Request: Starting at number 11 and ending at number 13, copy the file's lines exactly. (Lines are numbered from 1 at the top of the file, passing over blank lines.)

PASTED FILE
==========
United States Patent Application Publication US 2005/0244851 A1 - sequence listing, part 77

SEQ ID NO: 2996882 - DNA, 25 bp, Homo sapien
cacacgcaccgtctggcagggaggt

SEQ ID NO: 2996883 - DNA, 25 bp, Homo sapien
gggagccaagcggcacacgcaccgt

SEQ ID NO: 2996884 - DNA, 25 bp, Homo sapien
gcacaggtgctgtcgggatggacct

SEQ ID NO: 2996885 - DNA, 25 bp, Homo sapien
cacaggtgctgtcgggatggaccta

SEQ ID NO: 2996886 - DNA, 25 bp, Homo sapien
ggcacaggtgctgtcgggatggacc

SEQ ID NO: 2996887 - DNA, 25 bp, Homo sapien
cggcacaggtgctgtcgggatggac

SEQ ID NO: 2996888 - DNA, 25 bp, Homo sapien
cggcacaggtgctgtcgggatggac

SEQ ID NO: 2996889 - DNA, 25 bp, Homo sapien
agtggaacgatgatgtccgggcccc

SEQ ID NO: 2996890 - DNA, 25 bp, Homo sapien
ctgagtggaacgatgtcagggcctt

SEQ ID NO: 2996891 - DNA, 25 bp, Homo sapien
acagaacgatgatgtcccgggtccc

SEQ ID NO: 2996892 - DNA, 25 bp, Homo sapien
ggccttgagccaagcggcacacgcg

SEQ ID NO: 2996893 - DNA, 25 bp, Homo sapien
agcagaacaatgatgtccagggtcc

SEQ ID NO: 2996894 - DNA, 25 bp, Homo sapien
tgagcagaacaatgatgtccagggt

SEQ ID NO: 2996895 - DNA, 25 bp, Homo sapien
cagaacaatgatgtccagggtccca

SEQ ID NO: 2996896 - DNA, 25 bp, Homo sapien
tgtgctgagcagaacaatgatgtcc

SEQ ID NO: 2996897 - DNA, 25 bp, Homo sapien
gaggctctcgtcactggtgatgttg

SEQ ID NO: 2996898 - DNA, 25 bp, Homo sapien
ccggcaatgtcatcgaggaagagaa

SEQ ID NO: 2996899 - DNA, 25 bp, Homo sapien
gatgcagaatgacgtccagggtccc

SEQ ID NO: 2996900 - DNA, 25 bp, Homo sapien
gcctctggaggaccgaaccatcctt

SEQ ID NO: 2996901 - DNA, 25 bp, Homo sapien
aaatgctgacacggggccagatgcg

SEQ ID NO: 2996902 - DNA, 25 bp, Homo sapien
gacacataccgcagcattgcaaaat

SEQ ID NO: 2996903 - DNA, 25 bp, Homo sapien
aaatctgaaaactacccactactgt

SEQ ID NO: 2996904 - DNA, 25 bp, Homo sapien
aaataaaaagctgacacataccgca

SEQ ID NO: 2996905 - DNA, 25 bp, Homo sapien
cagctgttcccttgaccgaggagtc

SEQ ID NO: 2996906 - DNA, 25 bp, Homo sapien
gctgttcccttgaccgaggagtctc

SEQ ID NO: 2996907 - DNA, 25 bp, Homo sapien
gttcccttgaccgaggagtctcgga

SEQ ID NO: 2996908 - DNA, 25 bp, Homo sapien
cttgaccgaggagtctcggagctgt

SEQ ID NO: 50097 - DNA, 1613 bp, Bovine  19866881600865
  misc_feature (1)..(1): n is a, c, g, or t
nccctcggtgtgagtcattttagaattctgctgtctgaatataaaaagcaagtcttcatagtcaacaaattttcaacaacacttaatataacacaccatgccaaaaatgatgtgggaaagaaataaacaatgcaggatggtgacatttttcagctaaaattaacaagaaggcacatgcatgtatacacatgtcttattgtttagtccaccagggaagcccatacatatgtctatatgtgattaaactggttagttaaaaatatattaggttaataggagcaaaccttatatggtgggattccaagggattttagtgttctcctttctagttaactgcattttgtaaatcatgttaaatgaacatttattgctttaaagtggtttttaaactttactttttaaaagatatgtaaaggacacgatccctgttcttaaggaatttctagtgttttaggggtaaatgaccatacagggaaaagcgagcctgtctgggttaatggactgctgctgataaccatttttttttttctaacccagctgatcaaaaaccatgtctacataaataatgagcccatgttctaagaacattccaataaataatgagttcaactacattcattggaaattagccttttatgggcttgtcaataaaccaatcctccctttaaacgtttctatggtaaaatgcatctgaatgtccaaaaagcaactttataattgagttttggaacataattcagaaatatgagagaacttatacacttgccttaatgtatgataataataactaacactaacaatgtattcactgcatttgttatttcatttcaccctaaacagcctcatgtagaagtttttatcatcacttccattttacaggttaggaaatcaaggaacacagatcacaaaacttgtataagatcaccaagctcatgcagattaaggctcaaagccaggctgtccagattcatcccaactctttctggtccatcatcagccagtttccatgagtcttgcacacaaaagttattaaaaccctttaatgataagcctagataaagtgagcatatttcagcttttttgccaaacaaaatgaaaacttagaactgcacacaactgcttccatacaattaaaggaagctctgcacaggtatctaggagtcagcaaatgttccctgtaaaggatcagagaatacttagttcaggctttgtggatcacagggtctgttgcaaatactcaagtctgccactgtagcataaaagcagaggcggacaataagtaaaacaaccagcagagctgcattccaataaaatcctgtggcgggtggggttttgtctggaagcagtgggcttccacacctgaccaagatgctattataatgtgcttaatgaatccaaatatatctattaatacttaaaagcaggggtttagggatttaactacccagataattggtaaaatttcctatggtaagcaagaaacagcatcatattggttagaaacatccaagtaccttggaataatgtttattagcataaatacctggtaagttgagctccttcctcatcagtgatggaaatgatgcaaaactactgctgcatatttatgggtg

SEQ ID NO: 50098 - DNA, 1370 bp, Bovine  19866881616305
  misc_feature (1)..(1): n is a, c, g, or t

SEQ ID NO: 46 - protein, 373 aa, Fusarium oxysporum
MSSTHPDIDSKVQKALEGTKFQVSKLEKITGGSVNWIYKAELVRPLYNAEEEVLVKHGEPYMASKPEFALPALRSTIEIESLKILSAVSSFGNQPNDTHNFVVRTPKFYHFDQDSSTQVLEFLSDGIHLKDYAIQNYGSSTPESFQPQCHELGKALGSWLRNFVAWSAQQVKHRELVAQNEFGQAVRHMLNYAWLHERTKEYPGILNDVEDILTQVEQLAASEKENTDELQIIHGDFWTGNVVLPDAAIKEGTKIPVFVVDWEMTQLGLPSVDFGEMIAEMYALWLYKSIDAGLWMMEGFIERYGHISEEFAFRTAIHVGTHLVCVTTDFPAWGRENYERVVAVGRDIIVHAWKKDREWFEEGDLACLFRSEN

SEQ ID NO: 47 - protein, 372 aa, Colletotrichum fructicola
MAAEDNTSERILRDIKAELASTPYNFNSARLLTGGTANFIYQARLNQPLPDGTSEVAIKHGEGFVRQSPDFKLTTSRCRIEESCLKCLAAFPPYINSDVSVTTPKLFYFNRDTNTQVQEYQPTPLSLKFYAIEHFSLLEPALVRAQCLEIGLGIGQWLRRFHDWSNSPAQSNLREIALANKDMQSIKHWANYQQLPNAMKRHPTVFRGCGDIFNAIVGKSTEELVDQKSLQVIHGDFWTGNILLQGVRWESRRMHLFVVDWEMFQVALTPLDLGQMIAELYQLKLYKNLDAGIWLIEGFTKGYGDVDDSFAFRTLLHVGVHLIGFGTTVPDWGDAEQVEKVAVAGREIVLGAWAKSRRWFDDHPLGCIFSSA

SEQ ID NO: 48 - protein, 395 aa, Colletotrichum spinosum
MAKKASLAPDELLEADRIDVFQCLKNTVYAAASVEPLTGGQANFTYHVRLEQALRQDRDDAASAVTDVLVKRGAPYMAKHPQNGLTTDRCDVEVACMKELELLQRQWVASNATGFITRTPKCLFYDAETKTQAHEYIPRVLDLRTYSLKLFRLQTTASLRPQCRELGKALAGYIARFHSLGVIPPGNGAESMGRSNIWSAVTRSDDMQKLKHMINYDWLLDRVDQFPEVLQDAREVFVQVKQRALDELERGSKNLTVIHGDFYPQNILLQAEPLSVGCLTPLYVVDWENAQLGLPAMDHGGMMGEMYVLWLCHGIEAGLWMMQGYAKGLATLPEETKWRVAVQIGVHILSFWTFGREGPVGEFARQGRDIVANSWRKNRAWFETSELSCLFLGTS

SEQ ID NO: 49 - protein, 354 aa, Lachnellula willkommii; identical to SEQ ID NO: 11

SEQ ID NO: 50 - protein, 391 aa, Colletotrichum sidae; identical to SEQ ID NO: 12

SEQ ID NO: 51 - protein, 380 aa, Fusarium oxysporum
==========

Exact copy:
ggcacaggtgctgtcgggatggacc

SEQ ID NO: 2996887 - DNA, 25 bp, Homo sapien
cggcacaggtgctgtcgggatggac